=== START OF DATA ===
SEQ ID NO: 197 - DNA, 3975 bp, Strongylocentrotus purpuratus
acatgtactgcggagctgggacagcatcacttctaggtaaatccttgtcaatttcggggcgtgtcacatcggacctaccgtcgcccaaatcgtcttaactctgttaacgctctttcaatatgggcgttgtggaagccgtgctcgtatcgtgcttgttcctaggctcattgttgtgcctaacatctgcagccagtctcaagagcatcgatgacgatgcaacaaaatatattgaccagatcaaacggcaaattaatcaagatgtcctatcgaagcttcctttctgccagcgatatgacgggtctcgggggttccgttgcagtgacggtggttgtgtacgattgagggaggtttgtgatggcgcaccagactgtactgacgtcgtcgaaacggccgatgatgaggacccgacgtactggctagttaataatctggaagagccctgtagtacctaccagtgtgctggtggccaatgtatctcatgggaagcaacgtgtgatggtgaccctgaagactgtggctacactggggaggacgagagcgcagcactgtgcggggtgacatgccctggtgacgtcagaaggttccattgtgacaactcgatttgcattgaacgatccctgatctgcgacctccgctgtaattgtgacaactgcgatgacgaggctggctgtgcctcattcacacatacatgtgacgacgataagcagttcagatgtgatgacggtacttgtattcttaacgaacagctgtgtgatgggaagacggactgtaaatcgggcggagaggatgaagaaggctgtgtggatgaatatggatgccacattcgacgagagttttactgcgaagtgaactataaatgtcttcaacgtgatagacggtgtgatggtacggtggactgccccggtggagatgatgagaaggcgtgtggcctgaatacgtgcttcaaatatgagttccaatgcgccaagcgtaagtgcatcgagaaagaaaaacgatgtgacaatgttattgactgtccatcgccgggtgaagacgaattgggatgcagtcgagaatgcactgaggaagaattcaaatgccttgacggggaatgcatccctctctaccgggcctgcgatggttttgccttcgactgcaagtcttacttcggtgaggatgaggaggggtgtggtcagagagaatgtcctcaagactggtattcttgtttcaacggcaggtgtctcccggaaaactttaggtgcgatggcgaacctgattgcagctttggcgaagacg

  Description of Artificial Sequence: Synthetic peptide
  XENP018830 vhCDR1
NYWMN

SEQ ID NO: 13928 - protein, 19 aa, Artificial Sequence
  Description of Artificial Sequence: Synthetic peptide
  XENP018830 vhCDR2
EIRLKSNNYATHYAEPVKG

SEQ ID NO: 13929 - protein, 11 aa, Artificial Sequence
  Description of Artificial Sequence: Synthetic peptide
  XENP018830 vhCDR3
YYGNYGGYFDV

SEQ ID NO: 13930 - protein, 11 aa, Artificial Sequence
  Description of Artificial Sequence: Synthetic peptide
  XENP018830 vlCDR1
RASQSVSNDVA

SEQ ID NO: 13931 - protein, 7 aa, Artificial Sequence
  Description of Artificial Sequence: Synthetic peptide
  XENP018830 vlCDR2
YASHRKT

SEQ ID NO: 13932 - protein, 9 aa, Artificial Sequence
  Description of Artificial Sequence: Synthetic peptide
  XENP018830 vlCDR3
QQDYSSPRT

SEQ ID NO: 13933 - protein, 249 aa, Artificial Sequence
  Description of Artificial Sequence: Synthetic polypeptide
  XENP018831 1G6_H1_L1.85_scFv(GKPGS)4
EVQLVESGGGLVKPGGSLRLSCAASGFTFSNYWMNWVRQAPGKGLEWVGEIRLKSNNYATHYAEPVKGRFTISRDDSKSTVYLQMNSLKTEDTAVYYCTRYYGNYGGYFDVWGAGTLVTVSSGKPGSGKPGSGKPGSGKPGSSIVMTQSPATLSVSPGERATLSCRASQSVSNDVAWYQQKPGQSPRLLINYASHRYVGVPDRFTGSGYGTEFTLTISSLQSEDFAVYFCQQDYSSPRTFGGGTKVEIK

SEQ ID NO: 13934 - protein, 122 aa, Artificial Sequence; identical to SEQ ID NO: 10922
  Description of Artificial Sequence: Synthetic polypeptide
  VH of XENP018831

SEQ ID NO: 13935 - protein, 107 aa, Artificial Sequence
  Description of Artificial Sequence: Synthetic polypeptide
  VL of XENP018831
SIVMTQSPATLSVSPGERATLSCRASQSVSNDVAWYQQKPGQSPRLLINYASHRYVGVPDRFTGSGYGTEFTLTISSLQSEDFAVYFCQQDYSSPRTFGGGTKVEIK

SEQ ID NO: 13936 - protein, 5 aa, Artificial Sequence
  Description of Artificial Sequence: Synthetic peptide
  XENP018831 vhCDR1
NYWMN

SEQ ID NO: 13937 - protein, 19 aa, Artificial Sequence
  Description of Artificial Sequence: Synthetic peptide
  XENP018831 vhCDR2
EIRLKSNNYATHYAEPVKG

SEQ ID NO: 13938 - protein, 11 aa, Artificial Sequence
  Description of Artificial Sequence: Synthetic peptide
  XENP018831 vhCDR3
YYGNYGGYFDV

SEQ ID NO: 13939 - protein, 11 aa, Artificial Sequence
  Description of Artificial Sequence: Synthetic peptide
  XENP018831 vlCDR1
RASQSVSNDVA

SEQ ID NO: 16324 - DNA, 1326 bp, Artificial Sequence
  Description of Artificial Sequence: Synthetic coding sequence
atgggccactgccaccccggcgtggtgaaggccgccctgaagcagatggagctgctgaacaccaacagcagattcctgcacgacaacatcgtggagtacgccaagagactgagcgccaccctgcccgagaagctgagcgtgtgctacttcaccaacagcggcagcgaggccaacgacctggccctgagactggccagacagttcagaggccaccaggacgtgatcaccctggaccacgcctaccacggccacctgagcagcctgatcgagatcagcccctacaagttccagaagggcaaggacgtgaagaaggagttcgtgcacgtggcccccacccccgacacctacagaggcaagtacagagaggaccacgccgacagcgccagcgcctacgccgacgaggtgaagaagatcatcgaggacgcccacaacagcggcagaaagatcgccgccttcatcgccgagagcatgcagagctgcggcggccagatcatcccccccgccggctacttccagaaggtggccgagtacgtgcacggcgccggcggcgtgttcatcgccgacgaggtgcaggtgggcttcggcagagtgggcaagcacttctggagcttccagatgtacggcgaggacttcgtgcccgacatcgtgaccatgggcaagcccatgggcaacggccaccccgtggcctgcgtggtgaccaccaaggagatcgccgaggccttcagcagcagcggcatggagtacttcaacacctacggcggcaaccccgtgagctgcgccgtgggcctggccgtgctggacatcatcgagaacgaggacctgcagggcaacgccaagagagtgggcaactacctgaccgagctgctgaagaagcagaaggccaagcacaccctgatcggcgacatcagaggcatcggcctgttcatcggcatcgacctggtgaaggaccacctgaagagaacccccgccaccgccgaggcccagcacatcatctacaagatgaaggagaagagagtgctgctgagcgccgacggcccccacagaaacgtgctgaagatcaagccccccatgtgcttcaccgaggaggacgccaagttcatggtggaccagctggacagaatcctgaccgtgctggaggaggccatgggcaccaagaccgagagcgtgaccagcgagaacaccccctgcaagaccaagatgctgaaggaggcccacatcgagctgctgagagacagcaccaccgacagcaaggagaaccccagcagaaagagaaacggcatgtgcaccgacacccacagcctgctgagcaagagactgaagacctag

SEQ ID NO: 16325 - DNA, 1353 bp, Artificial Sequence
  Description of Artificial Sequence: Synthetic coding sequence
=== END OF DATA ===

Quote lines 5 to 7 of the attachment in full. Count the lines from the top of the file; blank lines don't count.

NYWMN

SEQ ID NO: 13928 - protein, 19 aa, Artificial Sequence
  Description of Artificial Sequence: Synthetic peptide